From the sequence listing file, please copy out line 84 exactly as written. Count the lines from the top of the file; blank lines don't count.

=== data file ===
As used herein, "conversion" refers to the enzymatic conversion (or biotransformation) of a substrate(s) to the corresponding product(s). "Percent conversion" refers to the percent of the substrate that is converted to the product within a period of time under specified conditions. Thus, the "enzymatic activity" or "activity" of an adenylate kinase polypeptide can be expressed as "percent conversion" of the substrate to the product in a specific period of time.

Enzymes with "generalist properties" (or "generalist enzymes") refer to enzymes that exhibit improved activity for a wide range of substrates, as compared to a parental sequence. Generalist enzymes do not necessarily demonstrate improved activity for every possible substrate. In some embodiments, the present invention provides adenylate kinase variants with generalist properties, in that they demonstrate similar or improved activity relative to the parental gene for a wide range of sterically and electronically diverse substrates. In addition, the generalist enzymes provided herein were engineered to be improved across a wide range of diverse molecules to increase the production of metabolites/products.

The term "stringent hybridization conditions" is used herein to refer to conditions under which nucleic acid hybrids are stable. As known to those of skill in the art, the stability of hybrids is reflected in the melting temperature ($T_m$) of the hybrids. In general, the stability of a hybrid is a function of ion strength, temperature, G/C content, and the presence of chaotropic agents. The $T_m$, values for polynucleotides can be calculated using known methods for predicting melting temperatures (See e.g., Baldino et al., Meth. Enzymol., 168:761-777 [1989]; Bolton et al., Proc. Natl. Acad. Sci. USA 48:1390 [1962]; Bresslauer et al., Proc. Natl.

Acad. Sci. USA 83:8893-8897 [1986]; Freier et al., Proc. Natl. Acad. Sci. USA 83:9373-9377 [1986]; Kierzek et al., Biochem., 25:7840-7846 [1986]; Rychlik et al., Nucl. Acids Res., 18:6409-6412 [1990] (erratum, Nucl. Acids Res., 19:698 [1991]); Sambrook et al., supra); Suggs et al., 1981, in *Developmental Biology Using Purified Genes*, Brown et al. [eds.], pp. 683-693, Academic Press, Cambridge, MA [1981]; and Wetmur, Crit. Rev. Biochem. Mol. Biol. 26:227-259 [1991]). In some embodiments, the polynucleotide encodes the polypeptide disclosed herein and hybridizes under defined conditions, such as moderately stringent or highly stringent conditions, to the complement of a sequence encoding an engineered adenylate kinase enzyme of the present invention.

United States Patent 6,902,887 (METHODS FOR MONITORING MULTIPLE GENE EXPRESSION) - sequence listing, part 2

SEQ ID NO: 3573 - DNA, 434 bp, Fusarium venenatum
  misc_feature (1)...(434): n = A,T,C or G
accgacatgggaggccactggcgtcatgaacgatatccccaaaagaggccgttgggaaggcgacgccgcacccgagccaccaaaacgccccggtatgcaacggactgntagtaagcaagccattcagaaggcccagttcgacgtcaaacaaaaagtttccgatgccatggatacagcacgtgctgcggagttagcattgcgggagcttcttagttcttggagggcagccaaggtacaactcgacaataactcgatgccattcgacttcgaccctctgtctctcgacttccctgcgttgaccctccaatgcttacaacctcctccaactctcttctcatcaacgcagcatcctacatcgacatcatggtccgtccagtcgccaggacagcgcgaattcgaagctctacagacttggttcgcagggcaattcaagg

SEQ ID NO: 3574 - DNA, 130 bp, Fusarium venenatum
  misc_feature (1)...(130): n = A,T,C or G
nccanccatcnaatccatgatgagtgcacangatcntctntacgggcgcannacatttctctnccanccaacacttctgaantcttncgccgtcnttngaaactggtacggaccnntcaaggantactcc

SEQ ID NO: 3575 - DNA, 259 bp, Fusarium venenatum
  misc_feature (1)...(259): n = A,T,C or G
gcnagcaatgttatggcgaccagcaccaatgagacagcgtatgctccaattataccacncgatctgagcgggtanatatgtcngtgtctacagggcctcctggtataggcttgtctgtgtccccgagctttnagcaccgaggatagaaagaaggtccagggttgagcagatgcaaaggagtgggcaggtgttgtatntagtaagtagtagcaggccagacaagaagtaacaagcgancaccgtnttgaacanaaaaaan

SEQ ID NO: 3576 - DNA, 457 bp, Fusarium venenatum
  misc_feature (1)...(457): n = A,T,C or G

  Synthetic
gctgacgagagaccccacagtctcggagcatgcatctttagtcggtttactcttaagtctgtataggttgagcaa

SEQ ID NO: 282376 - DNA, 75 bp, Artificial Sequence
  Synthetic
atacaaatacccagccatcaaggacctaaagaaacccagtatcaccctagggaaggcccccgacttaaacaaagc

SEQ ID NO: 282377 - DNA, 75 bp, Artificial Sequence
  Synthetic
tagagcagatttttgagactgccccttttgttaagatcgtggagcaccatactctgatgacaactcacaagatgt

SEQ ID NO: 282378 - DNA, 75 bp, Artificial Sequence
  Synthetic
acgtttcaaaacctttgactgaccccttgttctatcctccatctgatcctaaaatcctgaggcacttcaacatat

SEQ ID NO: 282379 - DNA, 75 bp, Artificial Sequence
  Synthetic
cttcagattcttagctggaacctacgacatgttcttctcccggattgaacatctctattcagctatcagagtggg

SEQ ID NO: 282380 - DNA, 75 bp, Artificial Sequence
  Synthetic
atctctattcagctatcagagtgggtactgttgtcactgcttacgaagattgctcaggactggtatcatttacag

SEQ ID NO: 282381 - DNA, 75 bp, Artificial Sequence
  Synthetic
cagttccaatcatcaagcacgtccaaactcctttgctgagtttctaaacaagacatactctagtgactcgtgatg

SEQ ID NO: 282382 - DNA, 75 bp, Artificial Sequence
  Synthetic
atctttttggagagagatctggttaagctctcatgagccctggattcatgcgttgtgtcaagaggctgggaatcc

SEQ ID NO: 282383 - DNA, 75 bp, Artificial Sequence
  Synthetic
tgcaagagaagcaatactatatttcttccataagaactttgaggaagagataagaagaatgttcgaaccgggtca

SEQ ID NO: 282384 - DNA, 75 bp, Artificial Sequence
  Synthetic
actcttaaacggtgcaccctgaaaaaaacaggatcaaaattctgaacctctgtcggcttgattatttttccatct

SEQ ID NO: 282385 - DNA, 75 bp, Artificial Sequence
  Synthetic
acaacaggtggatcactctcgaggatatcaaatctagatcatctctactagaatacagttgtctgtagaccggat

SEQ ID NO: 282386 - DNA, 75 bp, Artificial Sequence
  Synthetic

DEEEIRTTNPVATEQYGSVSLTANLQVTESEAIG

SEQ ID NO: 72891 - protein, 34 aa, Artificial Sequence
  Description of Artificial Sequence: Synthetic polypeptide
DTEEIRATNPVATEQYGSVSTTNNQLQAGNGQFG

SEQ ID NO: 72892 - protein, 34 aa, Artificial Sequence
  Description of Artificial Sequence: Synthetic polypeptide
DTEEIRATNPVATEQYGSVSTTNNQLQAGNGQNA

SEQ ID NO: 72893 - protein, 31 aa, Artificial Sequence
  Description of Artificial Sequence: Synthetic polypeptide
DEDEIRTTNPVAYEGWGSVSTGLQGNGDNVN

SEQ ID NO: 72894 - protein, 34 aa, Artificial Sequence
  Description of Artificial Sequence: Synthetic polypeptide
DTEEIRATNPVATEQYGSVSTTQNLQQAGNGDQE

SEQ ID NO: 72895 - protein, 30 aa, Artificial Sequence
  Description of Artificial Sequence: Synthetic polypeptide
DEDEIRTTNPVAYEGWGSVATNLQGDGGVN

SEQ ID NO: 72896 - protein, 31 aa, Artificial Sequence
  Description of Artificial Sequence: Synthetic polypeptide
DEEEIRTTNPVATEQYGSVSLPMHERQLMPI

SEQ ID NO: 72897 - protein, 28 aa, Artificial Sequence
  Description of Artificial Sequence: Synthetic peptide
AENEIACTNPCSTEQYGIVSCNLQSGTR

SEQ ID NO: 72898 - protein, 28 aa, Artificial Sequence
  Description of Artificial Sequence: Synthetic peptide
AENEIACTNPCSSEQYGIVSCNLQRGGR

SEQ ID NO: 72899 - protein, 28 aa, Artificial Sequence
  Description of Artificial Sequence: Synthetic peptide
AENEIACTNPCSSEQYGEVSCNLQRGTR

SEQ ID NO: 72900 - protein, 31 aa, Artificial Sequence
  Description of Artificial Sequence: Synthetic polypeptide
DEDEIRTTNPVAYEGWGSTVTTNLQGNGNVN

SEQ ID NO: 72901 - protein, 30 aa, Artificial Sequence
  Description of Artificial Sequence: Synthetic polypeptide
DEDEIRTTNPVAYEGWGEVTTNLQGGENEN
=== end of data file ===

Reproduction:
DEDEIRTTNPVAYEGWGEVTTNLQGGENEN